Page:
Â Photo courtesy of Flickr.
I found this depressing Salon article about plastic bags todayÂ via Boing Boing.
The plastic bag is an icon of convenience culture, by some estimates the single most ubiquitous consumer item on Earth, numbering in the trillions. They’re made from petroleum or natural gas with all the attendant environmental impacts of harvesting fossil fuels. One recent study found that the inks and colorants used on some bags contain lead, a toxin. Every year, Americans throw away some 100 billion plastic bags after they’ve been used to transport a prescription home from the drugstore or a quart of milk from the grocery store. It’s equivalent to dumping nearly 12 million barrels of oil.
Only 1 percent of plastic bags are recycled worldwide — about 2 percent in the U.S. — and the rest, when discarded, can persist for centuries. They can spend eternity in landfills, but that’s not always the case. “They’re so aerodynamic that even when they’re properly disposed of in a trash can they can still blow away and become litter,” says Mark Murray, executive director of Californians Against Waste. It’s as litter that plastic bags have the most baleful effect. And we’re not talking about your everyday eyesore.
Once aloft, stray bags cartwheel down city streets, alight in trees, billow from fences like flags, clog storm drains, wash into rivers and bays and even end up in the ocean, washed out to sea. Bits of plastic bags have been found in the nests of albatrosses in the remote Midway Islands. Floating bags can look all too much like tasty jellyfish to hungry marine critters. According to the Blue Ocean Society for Marine Conservation, more than a million birds and 100,000 marine mammals and sea turtles die every year from eating or getting entangled in plastic. The conservation group estimates that 50 percent of all marine litter is some form of plastic. There are 46,000 pieces of plastic litter floating in every square mile of ocean, according to the United Nations Environment Programme. In the Northern Pacific Gyre, a great vortex of ocean currents, there’s now a swirling mass of plastic trash about 1,000 miles off the coast of California, which spans an area that’s twice the size of Texas, including fragments of plastic bags. There’s six times as much plastic as biomass, including plankton and jellyfish, in the gyre. “It’s an endless stream of incessant plastic particles everywhere you look,” says Dr. Marcus Eriksen, director of education and research for the Algalita Marine Research Foundation, which studies plastics in the marine environment. “Fifty or 60 years ago, there was no plastic out there.”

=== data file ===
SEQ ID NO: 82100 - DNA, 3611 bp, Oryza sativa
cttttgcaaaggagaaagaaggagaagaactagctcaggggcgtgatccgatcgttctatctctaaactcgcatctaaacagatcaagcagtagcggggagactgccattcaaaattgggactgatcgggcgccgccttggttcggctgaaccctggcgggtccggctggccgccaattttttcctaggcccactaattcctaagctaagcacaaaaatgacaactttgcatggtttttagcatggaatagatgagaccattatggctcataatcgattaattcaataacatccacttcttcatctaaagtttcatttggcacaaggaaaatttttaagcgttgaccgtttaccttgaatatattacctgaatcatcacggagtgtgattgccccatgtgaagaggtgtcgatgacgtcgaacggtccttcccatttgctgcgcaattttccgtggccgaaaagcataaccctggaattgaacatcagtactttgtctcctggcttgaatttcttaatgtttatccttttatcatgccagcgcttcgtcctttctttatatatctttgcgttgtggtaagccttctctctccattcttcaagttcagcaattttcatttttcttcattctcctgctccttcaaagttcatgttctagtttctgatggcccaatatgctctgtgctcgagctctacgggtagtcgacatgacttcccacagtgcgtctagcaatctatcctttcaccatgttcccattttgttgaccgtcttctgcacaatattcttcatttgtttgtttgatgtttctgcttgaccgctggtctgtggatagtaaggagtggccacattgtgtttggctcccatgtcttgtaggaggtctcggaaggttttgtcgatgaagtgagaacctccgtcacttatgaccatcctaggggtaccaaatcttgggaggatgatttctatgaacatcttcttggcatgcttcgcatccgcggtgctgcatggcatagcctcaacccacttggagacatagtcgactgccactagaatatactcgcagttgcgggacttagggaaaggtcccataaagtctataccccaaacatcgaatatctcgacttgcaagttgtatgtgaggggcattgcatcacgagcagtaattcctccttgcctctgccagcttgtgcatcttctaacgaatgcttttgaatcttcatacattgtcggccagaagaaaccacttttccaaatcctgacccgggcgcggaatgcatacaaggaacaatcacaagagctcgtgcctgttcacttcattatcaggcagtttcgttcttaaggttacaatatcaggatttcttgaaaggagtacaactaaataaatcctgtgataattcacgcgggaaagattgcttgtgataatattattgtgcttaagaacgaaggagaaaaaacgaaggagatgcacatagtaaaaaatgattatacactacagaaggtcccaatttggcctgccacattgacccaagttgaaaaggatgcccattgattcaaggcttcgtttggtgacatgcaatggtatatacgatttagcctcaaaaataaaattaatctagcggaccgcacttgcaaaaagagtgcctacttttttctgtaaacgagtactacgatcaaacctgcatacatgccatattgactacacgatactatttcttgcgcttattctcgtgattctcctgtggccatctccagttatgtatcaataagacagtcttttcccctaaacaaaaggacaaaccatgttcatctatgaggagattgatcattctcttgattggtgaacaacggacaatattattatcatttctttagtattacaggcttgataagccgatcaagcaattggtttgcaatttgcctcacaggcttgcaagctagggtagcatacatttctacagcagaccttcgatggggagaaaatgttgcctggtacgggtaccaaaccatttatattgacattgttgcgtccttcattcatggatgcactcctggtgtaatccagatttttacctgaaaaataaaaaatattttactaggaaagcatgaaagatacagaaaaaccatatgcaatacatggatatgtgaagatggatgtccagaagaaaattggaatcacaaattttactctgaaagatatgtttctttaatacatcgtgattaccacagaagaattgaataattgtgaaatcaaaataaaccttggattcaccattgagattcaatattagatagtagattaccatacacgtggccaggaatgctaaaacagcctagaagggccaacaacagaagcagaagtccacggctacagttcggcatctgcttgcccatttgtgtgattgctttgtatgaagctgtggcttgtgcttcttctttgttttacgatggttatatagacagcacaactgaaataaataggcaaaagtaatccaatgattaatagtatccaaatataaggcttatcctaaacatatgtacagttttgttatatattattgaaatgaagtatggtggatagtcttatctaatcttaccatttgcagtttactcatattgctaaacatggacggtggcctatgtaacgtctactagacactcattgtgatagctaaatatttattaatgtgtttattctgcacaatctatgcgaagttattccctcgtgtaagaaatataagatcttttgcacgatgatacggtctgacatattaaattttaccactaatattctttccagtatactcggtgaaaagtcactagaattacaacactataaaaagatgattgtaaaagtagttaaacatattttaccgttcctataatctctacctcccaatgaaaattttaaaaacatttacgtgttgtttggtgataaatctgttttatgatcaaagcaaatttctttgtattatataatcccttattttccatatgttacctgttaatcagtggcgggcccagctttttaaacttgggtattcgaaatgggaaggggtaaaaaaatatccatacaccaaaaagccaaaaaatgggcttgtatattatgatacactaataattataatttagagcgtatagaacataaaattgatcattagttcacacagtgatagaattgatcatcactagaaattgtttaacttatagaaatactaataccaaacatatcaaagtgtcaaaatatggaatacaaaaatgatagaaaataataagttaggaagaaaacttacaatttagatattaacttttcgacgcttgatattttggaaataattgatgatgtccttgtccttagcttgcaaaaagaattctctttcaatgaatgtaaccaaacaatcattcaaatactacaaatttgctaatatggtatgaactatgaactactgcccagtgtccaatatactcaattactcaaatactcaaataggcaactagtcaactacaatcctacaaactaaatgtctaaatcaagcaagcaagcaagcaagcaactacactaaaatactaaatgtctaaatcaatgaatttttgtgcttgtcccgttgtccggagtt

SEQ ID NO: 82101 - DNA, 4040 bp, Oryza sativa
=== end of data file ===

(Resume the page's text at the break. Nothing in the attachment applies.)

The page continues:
I’ve been seeing more and more stories about plastic bags since San Francisco took the bold step of banning them.
Here’s a previous post we did about plastic bags, which includes a terrific comment from a woman who stopped using them about 10 years ago and estimates that she has saved around 52,000 from entering the waste stream.
Here’s a page on the Greenpeace site about the Trash Vortex, an area in North Pacific Ocean that is about as big as Texas where garbage ends up in a big swirling nightmare.
Here are a couple of terrific Squidoo Lenses about Saying No To Plastic BagsÂ and Living Without Plastic Bags, with strategies for using fewer bags.
The New York Times also recently published an article about plastic bags and waste.
(Self promotion alert.) At Clean Air Gardening, we sell the Biobag line of bags that are made from biodegradable cornstarch. One is a bag for picking up dog poop, and the other is for keeping in your compost pail as a liner before you throw it into the compost bin.
We’re also looking into carrying a line of resuable shopping bags. Does anyone out there have a favorite type of bag that they would recommend that we carry?
On a personal level, my family purchased a bunch of reusable nylon bags for our grocery shopping. We use them most of the time, when we don’t forget to bring them. They’re actually a lot better than plastic bags, because they don’t fall apart when you put heavy stuff inside them.
Anyone have any strategies for reducing or eliminating the use of plastic bags that they’d like to share? If so, leave a comment.